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Neurology. 2006 Sep 26;67(6):944-53.

Long-term subcutaneous interferon beta-1a therapy in patients with relapsing-remitting MS.

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  • 1University of Basel, Basel, Switzerland. lkappos@uhbs.ch

Abstract

OBJECTIVE:

To conduct systematic long-term follow-up (LTFU) of patients in the Prevention of Relapses and Disability by Interferon beta-1a Subcutaneously in Multiple Sclerosis (PRISMS) study to provide up to 8 years of safety, clinical and MRI outcomes on subcutaneous (s.c.) interferon (IFN) beta-1a in relapsing-remitting multiple sclerosis (RRMS).

METHODS:

The original cohort of 560 patients was randomized to IFNbeta-1a, 44 or 22 microg three times weekly (TIW) or to placebo; after 2 years, patients on placebo were rerandomized to active treatment and the blinded study continued for a further 4 years. The LTFU visit was scheduled 7 to 8 years after baseline.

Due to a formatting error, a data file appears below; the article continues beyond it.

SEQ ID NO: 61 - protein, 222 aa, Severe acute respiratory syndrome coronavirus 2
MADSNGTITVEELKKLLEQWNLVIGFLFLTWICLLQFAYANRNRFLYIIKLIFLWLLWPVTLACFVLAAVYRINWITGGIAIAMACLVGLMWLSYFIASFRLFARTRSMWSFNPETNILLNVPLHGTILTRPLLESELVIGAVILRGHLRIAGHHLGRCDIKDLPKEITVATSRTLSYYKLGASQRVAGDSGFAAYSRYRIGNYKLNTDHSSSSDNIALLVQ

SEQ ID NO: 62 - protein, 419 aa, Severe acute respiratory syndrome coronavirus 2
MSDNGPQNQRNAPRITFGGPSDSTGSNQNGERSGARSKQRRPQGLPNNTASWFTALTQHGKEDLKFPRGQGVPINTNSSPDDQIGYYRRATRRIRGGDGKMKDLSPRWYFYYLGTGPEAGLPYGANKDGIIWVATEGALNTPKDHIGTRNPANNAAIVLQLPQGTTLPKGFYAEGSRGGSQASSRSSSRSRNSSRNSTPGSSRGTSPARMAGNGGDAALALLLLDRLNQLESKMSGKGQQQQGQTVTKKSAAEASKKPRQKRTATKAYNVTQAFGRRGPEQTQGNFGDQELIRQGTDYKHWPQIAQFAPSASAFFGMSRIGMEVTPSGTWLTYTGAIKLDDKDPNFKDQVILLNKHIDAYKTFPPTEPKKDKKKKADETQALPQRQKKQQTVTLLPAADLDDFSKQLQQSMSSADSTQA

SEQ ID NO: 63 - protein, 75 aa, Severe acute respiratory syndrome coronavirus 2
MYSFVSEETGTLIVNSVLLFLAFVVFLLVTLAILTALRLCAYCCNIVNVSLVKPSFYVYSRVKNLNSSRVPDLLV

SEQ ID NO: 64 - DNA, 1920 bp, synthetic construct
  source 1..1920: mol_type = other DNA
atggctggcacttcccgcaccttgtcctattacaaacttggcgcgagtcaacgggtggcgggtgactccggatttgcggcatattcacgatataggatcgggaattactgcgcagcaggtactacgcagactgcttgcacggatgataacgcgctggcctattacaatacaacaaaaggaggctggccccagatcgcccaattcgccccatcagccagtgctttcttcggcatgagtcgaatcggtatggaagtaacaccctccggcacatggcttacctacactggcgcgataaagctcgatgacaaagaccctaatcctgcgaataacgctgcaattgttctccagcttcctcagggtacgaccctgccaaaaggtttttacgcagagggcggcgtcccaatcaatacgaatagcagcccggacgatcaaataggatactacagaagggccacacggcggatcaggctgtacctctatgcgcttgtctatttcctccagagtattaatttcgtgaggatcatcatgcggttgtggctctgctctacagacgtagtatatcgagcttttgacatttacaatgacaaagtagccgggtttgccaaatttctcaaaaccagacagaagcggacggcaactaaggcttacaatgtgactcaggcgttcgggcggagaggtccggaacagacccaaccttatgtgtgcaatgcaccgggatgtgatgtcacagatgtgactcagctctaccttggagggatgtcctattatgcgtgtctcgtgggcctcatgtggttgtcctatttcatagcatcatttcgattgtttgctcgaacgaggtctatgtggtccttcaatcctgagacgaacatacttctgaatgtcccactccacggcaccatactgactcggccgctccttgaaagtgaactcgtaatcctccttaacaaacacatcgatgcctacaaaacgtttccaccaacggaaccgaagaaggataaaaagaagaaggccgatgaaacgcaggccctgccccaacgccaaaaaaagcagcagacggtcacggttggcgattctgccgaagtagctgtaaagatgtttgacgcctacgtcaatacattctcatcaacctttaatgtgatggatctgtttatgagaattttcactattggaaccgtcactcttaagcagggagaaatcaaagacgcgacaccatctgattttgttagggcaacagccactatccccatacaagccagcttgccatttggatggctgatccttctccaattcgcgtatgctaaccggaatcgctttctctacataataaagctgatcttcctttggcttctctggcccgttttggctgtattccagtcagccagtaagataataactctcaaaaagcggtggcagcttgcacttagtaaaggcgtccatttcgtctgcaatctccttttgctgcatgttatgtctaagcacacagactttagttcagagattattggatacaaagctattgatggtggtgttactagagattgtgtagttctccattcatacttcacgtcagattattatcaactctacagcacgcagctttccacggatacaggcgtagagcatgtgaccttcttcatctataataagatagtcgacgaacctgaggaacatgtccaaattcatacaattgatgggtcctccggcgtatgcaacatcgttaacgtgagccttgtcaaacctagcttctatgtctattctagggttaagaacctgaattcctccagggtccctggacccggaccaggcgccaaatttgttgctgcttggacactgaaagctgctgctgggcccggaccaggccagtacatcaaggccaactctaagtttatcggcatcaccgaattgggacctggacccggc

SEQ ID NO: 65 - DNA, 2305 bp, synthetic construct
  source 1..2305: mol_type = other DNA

RESULTS:

LTFU was attended by 68.2% of the original PRISMS study cohort (382/560 patients). 72.0% (275/382) were still receiving IFNbeta-1a s.c. TIW. Patients originally randomized to IFNbeta-1a 44 microg s.c. TIW showed lower Expanded Disability Status Scale progression, relapse rate and T2 burden of disease up to 8 years compared with those in the late treatment group. Brain parenchymal volume did not show differences by treatment group. Overall, 19.7% of patients progressed to secondary progressive MS between baseline and LTFU (75/381). No new safety concerns were identified and treatment was generally well tolerated.

CONCLUSIONS:

Despite the limitations inherent in any long-term study (for example, potential differences between returning and nonreturning patients), these results indicate that patients with relapsing-remitting multiple sclerosis can experience sustained benefit over many years from early interferon beta-1a subcutaneous therapy three times weekly compared with patients whose treatment is delayed. This effect was more apparent in the patients receiving the higher dose.

Comment in

PMID:
17000959
[PubMed - indexed for MEDLINE]
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